Canadian Expeditionary Force (19) Garrison Regiment and Reinforcements

Garrison Regiment and Reinforcements

(York Sunbury Historical Society, Fredericton Region Museum Collection, Author Photo)

1997.28.398. 1997.28.420.

Canadian Garrison Regiment

Formed in April 1918 to perform garrison duty in Canada, the thirteen battalions absorbed the Special Service companies. There was a battalion in each of the thirteen military districts.


Following the declaration of war, volunteers from all over Canada were massed for training at Camp Valcartier, Quebec, just outside Quebec City. The first contingent of30,000 volunteers, which became the 1st Canadian Division of the CEF, were grouped into numbered battalions, regardless of origin. The existing reserve regiments were not mobilized, due to the belief of the Defence Minister, Sam Hughes, that a new "efficient" structure was required. 

The second contingent was more logically based on battalions raised and trained in the various military districts in which they were recruited, but remained using an impersonal numerical basis (with the exception of those with a Highland or Irish identity).   A significant number of Canadian Militia units that were not sent overseas provided reinforcements to the CEF.

This poster was recruiting women for the Voluntary Aid Detachment. Although these volunteers lacked the formal medical training of nurses, they provided medical assistance to patients during the war. More than 1,800 Canadian women volunteered by the end of 1917 and at least 500 were sent overseas. (Courtesy of the Canadian War Museum, CWM 19920143-009.)

(Canadian War Museum, CWM 19890086-885)

Soldiers of the Soil, Canada Food Board.

'Soldiers of the Soil' (SOS) was a national initiative run by the Canadian Food Board. It encouraged adolescent boys to volunteer for farm service, and recruited 22,385 young men across the country. Many came from urban high schools and lived on rural farms for terms of three months or more.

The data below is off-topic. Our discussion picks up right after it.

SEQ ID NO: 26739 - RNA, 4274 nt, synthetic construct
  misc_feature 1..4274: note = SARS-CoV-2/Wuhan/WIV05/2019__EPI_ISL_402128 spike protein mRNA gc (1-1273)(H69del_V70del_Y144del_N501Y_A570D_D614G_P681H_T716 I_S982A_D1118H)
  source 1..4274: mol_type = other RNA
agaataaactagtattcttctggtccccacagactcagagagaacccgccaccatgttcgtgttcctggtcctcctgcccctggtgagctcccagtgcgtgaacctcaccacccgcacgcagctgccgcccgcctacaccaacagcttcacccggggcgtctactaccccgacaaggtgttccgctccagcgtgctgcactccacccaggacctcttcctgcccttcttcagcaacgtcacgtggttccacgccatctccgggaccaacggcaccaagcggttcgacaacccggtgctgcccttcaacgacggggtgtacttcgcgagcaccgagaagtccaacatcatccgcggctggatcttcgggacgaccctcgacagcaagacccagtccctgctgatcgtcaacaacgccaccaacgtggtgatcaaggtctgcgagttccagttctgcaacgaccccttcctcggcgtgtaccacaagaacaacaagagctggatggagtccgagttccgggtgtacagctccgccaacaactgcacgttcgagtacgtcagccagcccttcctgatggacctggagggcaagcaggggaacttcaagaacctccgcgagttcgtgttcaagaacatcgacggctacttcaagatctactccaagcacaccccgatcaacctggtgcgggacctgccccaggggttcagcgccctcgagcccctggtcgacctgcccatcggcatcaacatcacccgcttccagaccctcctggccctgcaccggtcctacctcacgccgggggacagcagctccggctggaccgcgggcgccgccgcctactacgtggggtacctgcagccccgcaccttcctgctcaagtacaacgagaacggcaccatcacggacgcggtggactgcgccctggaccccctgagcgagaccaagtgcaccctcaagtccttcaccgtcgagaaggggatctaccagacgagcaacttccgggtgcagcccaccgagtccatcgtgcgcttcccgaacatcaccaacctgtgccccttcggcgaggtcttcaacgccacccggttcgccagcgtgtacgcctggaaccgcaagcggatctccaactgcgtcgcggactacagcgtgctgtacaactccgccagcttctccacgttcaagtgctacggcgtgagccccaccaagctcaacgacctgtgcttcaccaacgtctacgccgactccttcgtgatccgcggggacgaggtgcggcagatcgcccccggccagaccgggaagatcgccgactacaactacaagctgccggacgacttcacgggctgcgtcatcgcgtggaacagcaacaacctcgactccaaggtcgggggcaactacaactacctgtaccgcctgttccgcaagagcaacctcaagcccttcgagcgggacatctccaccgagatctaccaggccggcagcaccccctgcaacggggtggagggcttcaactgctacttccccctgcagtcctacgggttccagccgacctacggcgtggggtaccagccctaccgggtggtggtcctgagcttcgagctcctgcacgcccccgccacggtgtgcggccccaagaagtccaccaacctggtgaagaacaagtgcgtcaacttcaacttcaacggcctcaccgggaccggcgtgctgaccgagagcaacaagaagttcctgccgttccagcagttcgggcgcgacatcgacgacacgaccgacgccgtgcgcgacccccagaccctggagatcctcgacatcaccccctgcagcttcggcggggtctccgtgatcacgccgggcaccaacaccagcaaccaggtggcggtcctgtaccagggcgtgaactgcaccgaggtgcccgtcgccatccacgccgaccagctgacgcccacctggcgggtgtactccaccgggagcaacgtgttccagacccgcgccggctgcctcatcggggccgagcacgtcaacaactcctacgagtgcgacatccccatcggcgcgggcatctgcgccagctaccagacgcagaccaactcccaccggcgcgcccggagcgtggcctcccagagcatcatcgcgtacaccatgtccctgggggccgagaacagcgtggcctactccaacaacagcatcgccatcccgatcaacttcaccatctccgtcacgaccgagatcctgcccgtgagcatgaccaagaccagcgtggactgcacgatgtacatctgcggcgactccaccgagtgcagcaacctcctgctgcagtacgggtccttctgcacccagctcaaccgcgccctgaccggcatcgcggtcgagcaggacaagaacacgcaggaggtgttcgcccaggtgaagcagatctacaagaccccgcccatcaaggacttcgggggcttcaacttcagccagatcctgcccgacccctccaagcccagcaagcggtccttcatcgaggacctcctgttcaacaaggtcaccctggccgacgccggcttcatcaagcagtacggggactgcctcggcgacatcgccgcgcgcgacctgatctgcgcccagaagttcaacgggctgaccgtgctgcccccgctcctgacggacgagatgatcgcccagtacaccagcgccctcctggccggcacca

Following its formation in late 1915, the Canadian Corps readied to fight major battles as a unified entity, beginning in 1916. Additional actions were fought by one or more units of the corps (see separate listings for the divisions, above). Major battles fought by the corps were the following:

  • Battle of Mount Sorrel: 2-3 June
  • Battle of Flers-Courcelette: 15-22 September
  • Battle of Morval: 25 September
  • Battle of Thiepval Ridge: 26-28 September
  • Battle of Le Transloy: 1-18 October
  • Battle of the Ancre Heights: 1 October – 11 November
  • 1917
  • Battle of Vimy Ridge: 9-12 April
  • Battle of Arleux: 28-29 April
  • Third Battle of the Scarpe: 3-4 May
  • Battle of Hill 70: 15-25 August
  • Second Battle of Passchendaele: 26 October – 10 November
  • Battle of Cambrai (1917): 20 November – 3 December
  • 1918
  • Battle of Amiens: 8-11 August
  • Second Battle of the Somme: 21 August – 2 September
  • Battle of the Canal du Nord: 27 September – 1 October (including the capture of Bourlon Wood)
  • Battle of Cambrai: 8-9 October (including the Capture of Cambrai)

  • At the end of war the Canadian 1st and 2nd Divisions took part in the occupation of Germany and the corps was eventually demobilized in 1919. Upon their return home the veterans were greeted by large and welcoming crowds all across the country. Total fatal battle casualties during the war was 56,638, 13.5% of the 418,052 sent overseas and 9.26% of the 611,711 who enlisted. (Alchetron)

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